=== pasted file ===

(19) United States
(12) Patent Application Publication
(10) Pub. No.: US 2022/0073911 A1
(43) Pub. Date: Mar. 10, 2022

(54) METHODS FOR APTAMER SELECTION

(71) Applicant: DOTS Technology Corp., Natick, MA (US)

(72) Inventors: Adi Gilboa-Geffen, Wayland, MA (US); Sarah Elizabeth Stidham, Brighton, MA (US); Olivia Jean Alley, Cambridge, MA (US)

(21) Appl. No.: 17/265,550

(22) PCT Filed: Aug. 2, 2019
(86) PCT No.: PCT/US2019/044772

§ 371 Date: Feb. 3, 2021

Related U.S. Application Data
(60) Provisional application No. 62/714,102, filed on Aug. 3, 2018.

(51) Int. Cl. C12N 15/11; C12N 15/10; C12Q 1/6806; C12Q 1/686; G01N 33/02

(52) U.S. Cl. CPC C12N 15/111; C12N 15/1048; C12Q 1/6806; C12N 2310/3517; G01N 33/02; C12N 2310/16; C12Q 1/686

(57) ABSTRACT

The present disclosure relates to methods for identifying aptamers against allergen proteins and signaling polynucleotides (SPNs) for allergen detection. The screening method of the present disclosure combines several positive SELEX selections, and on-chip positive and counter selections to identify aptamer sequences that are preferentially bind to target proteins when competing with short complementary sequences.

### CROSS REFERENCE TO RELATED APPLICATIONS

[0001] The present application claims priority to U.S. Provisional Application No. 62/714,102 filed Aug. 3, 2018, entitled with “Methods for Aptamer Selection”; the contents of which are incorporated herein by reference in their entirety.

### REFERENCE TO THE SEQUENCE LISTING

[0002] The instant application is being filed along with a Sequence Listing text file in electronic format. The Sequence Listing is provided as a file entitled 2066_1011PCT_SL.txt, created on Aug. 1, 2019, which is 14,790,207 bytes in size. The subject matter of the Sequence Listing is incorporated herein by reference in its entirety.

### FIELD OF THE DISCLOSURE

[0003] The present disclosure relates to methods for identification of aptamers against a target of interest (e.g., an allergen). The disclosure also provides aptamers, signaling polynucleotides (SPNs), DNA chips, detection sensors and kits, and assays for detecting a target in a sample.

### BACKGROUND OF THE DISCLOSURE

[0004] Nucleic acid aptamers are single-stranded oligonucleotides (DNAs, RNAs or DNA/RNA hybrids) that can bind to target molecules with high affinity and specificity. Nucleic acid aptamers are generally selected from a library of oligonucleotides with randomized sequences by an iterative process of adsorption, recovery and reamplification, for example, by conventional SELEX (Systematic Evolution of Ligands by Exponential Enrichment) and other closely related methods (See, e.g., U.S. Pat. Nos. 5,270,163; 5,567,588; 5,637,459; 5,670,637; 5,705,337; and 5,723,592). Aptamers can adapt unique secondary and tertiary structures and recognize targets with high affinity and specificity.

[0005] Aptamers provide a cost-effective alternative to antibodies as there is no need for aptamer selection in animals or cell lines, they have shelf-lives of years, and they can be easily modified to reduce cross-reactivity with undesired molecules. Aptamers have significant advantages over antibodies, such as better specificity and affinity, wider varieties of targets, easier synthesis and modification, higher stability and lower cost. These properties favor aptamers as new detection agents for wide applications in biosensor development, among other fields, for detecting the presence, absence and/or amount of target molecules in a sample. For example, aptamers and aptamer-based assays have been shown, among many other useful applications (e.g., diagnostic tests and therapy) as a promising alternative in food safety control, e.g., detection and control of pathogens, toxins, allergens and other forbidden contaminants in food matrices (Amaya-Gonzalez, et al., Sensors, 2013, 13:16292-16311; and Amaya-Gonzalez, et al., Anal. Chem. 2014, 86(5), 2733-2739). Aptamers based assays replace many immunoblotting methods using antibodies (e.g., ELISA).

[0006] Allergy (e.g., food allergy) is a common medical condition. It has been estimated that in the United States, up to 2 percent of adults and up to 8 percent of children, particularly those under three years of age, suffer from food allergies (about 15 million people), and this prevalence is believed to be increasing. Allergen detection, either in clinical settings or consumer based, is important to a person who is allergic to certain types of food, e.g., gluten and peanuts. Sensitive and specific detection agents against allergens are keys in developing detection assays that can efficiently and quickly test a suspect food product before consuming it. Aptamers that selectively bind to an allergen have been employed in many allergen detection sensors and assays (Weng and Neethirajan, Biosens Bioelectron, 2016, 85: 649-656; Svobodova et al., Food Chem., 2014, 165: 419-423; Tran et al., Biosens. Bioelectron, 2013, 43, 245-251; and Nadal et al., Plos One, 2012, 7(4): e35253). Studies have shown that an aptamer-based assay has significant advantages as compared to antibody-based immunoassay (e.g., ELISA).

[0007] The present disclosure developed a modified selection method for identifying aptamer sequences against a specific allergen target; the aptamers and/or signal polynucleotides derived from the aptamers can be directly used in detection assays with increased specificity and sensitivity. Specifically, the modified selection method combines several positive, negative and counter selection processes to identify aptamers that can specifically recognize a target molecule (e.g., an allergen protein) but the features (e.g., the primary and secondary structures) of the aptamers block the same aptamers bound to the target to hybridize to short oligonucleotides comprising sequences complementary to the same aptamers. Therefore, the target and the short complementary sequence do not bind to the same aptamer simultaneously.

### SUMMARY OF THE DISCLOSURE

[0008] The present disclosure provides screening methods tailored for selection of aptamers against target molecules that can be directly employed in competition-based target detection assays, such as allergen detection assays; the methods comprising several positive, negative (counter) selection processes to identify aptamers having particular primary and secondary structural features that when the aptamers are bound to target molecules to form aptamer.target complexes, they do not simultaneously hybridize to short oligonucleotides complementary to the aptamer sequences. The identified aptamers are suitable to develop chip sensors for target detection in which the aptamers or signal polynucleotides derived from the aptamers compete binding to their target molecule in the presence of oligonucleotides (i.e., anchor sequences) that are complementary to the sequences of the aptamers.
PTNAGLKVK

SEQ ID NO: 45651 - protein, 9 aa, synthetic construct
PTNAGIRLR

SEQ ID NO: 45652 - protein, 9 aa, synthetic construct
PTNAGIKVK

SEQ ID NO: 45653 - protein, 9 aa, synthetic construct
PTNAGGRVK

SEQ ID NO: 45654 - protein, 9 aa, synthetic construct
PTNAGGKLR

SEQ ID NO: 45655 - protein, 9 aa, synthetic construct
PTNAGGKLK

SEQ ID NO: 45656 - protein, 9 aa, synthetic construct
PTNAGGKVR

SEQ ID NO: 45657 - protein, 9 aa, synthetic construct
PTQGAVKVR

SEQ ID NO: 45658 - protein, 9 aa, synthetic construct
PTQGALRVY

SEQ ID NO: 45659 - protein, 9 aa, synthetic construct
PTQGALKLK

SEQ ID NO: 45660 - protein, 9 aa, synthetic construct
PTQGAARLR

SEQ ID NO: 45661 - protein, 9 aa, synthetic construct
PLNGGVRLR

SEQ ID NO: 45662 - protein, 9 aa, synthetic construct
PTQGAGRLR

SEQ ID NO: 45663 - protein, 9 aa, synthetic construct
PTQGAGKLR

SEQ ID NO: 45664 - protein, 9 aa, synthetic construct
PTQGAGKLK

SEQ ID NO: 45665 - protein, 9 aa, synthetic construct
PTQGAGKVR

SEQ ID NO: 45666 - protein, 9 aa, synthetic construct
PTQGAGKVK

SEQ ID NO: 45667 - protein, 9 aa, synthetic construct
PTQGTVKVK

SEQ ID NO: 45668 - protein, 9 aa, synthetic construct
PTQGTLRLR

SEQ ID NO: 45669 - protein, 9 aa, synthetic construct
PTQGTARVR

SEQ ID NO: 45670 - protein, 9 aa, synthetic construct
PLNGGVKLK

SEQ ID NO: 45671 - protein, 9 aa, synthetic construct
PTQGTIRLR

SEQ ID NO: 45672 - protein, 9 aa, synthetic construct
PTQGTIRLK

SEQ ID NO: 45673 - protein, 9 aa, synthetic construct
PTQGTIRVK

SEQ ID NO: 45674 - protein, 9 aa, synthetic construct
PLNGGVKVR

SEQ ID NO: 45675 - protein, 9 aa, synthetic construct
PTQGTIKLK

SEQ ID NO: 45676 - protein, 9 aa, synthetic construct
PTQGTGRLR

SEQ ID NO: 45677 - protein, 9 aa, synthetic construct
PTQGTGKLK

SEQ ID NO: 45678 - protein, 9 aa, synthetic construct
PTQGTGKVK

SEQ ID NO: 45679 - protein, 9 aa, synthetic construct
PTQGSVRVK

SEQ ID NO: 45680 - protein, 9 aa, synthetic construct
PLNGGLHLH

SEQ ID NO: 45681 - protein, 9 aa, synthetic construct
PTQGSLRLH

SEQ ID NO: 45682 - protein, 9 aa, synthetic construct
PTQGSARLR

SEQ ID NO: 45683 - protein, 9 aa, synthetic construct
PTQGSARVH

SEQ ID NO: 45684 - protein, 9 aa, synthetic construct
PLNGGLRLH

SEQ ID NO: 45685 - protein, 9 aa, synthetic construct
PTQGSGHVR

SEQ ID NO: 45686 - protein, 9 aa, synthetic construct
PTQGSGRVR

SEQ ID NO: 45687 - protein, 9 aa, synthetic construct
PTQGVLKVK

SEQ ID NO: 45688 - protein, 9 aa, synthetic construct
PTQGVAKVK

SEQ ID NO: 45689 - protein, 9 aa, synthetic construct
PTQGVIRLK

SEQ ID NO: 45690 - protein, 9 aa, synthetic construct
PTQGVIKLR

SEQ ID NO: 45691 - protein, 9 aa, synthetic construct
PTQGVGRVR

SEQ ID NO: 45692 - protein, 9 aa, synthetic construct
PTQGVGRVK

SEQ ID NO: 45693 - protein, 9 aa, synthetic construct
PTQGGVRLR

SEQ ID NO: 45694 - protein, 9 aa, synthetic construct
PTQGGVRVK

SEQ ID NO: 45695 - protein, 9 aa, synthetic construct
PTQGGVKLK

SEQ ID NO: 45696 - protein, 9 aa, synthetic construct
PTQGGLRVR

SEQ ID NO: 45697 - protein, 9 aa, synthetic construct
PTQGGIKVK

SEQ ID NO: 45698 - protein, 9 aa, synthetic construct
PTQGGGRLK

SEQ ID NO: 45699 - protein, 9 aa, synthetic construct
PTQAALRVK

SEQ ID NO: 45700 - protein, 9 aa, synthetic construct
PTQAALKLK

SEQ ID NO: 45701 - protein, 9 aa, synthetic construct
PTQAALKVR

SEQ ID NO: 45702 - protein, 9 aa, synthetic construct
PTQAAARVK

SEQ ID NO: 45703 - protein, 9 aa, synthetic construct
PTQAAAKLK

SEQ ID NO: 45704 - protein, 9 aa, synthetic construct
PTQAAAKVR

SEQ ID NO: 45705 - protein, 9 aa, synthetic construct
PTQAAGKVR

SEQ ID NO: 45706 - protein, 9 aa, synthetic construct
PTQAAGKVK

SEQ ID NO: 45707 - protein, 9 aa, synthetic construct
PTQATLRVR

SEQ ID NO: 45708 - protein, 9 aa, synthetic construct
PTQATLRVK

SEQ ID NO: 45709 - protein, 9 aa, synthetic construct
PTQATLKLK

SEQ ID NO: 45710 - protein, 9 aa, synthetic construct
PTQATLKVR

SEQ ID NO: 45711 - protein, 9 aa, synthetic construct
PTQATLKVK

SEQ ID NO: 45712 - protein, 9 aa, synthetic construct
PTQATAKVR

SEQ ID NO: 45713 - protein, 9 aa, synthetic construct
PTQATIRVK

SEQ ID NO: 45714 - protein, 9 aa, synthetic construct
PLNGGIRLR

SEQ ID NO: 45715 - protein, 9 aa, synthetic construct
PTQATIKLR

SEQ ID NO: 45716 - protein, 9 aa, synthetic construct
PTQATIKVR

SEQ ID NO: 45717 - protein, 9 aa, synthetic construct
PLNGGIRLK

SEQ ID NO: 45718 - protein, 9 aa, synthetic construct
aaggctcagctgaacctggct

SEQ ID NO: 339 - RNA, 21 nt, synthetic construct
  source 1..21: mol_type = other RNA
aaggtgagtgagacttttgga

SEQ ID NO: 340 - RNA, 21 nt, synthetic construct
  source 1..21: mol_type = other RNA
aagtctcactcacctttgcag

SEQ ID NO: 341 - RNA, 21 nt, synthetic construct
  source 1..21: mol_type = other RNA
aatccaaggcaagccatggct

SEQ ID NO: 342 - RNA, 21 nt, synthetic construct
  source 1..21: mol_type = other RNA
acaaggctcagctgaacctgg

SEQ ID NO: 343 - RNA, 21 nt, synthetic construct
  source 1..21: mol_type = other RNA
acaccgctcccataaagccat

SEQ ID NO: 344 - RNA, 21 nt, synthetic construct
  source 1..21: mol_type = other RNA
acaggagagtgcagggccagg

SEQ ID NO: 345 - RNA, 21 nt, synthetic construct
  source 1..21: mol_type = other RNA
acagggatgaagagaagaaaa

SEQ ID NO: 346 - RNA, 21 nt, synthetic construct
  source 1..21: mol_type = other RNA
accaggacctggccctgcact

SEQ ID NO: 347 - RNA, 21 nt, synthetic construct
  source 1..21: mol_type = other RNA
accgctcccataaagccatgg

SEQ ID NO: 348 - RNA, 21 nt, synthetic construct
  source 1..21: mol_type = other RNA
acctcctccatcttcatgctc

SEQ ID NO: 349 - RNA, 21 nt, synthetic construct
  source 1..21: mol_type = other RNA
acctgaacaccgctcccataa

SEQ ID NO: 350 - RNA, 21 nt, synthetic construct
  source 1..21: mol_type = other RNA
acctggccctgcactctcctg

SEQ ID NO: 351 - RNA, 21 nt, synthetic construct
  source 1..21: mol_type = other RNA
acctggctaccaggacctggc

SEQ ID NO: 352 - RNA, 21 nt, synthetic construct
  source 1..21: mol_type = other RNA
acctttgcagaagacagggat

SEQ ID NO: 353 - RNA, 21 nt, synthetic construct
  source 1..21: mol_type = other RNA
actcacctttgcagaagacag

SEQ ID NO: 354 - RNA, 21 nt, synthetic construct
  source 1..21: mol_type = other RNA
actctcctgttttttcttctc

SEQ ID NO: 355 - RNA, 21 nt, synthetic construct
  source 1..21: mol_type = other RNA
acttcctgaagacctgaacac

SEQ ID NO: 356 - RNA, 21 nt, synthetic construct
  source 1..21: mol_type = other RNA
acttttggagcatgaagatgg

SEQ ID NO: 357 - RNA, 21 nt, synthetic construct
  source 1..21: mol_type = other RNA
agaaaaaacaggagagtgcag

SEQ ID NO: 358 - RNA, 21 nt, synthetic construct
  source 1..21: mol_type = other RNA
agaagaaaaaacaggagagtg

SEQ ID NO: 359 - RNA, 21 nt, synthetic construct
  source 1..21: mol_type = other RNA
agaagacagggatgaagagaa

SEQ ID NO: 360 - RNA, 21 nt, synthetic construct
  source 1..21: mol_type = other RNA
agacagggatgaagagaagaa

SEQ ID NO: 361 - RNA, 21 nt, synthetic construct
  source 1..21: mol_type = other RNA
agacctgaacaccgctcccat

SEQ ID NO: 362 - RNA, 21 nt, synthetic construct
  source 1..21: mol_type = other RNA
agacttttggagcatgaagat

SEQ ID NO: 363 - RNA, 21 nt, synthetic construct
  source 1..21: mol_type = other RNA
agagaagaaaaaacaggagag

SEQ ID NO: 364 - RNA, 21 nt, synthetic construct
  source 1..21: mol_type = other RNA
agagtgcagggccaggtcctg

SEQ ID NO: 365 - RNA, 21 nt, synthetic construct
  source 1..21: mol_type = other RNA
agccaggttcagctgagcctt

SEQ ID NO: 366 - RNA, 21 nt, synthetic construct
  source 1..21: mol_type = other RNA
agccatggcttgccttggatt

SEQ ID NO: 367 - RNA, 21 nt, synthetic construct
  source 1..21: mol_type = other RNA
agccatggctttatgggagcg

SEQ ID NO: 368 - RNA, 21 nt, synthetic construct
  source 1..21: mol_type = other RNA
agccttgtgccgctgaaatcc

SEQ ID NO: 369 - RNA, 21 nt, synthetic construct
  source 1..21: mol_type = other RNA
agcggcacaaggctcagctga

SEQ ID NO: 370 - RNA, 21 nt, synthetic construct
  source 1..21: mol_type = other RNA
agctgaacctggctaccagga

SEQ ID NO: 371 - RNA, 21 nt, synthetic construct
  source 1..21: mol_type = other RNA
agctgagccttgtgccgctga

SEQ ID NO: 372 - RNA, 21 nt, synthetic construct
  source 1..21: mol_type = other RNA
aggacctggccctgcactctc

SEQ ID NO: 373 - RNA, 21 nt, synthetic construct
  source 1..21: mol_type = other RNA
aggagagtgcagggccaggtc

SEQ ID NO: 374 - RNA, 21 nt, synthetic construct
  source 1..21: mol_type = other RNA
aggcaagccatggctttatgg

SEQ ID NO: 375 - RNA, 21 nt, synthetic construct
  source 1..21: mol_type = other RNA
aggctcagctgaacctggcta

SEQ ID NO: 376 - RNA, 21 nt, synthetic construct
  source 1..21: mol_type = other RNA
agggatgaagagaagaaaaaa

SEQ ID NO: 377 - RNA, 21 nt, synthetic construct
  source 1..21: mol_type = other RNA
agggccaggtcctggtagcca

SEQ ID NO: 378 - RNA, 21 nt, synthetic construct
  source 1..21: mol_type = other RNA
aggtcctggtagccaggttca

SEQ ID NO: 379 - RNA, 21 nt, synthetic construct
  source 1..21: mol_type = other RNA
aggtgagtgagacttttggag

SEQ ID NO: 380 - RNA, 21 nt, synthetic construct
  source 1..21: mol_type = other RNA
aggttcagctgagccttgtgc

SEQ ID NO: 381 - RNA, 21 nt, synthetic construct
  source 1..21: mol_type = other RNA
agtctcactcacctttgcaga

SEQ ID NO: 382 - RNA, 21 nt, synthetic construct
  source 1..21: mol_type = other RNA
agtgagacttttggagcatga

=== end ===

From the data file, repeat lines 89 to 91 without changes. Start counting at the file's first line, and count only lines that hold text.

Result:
PTQGSVRVK

SEQ ID NO: 45680 - protein, 9 aa, synthetic construct
PLNGGLHLH